The Foote Family
as told by son, Chris
Tailoring was Mr. Foote's trade so when they moved to Kimberley in 1916,just as it was beginning to show signs of being more than a mining camp, he opened up the first tailor shop that represented the House of Hoberlin; but he also stocked dry goods and sporting goods, such as supplies for hunting and fishing. Chris has a picture, taken years ago of a catch of fish from Premier Lake that you just don't see nowadays: eight or ten rainbow trout all weighing ten or more pounds. Premier is a very deep lake nestled at the foot of the Rocky mountains about thirty-five miles north of Kimberley. Fishing is still good but not that good!
Chris started school in the Ontario Hotel while the Central School was being built. He attended high school in Kimberley but had to go to Cranbrook for his senior Matriculation where he also took a business course. In later years he taught shorthand and typing at night school.
1918-19 was having to wear a little bag of camphor around his neck, and the acrid smell of burning sulpher as it was sprinkled on a hot stove to purify the air.
The summer of 1919 was the forest fire scare and Chris remembers his dad loading up the small Ford car with a few precious possessions with Chris insisting that his tricycle be loaded too. They were evacuated to Marysville to Bird's Hotel where all the ladies gathered in the hall to pray for rain. Everyone remembers the miraculous way the wind changed just in time to save the town. Chris can't remember if it rained or not.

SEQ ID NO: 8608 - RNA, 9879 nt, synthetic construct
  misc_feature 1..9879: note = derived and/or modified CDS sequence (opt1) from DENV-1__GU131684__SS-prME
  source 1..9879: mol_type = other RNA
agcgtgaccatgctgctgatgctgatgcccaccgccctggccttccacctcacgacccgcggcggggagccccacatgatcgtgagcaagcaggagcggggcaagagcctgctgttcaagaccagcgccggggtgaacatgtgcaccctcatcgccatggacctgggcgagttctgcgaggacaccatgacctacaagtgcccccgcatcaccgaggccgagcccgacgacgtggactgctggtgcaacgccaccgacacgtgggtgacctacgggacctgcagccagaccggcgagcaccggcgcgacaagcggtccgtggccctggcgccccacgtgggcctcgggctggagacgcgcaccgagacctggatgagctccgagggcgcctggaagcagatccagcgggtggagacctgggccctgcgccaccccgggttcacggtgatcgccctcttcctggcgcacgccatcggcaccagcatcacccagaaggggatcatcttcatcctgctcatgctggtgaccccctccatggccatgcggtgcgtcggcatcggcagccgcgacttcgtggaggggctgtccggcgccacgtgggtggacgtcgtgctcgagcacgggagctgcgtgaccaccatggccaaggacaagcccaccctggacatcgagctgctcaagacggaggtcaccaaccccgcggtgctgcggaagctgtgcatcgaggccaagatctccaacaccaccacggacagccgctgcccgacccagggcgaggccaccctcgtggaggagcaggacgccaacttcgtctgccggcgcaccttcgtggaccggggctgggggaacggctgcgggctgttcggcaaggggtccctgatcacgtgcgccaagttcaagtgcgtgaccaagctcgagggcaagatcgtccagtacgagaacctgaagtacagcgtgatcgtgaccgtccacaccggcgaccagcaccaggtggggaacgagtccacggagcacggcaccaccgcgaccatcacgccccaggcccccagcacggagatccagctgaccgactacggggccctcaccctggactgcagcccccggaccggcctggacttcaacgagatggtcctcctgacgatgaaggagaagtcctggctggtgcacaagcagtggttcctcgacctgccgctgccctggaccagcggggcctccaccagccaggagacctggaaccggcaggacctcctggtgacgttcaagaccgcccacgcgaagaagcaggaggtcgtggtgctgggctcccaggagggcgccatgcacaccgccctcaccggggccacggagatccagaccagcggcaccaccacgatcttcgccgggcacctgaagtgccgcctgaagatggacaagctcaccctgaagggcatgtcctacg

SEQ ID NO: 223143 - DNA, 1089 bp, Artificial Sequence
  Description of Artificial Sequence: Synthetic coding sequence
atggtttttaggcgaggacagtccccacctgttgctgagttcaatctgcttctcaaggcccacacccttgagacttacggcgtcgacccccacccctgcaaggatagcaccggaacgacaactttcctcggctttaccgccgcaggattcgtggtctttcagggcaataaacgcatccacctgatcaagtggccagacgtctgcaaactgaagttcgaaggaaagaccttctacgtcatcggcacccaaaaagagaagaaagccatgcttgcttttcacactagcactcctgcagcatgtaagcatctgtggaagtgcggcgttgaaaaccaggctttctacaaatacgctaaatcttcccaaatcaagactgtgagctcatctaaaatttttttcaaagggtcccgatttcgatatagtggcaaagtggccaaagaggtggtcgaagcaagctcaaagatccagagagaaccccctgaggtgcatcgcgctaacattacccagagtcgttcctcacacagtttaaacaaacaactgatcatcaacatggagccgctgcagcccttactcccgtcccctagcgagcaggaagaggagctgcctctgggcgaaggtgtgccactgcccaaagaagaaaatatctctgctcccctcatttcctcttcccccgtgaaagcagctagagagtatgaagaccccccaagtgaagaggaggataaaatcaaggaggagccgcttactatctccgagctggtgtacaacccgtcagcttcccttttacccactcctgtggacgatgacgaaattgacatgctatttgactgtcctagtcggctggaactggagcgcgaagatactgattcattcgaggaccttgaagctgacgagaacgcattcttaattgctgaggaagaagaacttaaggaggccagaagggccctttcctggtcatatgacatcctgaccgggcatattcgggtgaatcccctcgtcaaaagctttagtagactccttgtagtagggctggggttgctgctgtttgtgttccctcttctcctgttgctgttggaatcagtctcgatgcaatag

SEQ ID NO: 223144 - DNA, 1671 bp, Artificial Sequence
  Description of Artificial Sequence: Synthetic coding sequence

His recollection of the influenza epidemic of Foote's Store was just across the street from the Globe Hotel, run by Frank Carlson. Alex Chowski ran a barber shop in connection with the hotel until Mr. Foote built a small shop on the corner of his property for Alex. Bob Turner took over this shop when Alex left. Until recently it was used by Bill Gertz as a shoe repair shop.
There was a butcher shop across the street, run by Prest Lewis, with a slaughter house right behind. The young boys of the neighborhood would watch the cutting up of meat while playing in the sawdust pile.
The first radio in town was owned by Mr. Marsden, the manager of the Mark Creek Store. It was a crystal set with earphones. Chris thought this really something.
Chris joined the Boy Scouts in 1926 and remembers Mr. Eaman, a trainman from Cranbrook, was his first Scout Master. Later Chris became secretary for the Scouts, a position he held for ten years.
He began working for the Company in 1932 spending his first summer in the rock house. In 1934 he spent the summer prospecting for the Company, up Mark Creek to the summit and over the mountain to Buhl Creek. In the fall he went into the electric shop where Karl Hedlund was instructor. Chris says all he ever learned about electricity was to leave it alone. He worked in the time office until he joined the Canadian Army in 1942 and received his basic training in Vernon. An injury to his ankle prevented him from going overseas. He became Sergeant of the training headquarters orderly room.
While stationed in Vernon, he met a school teacher, Ruth Everett, and they were married in 1944. When he returned to Kimberley in 1946, he was placed in the Company Library at the Mine. This is the work he loved, so remained there until his retirement in 1978.
The Company has always instructed all their employees in First Aid, and yearly competitions are held. The various teams compete and the winning team enters the provincial competitions. Chris was on a team instructed by E. Brunner and captained by Joe Shaw. Other members were Jim Davis, Frank Skribe and H. Thomason. In 1936 they won the Coderre Canadian Championship Miners Cup. He later became a First Aid Instructor.
His wife, Ruth, has taught school for a number of years, in Marysville, Blarchmont and Watkin Schools. She spent four years at the Handicapped School, and five years teaching a special class. They have one daughter Joan, also a teacher, now in Salmon Arm. Chris and Ruth have a summer cabin at Columbia Lake where they spend most of their summers.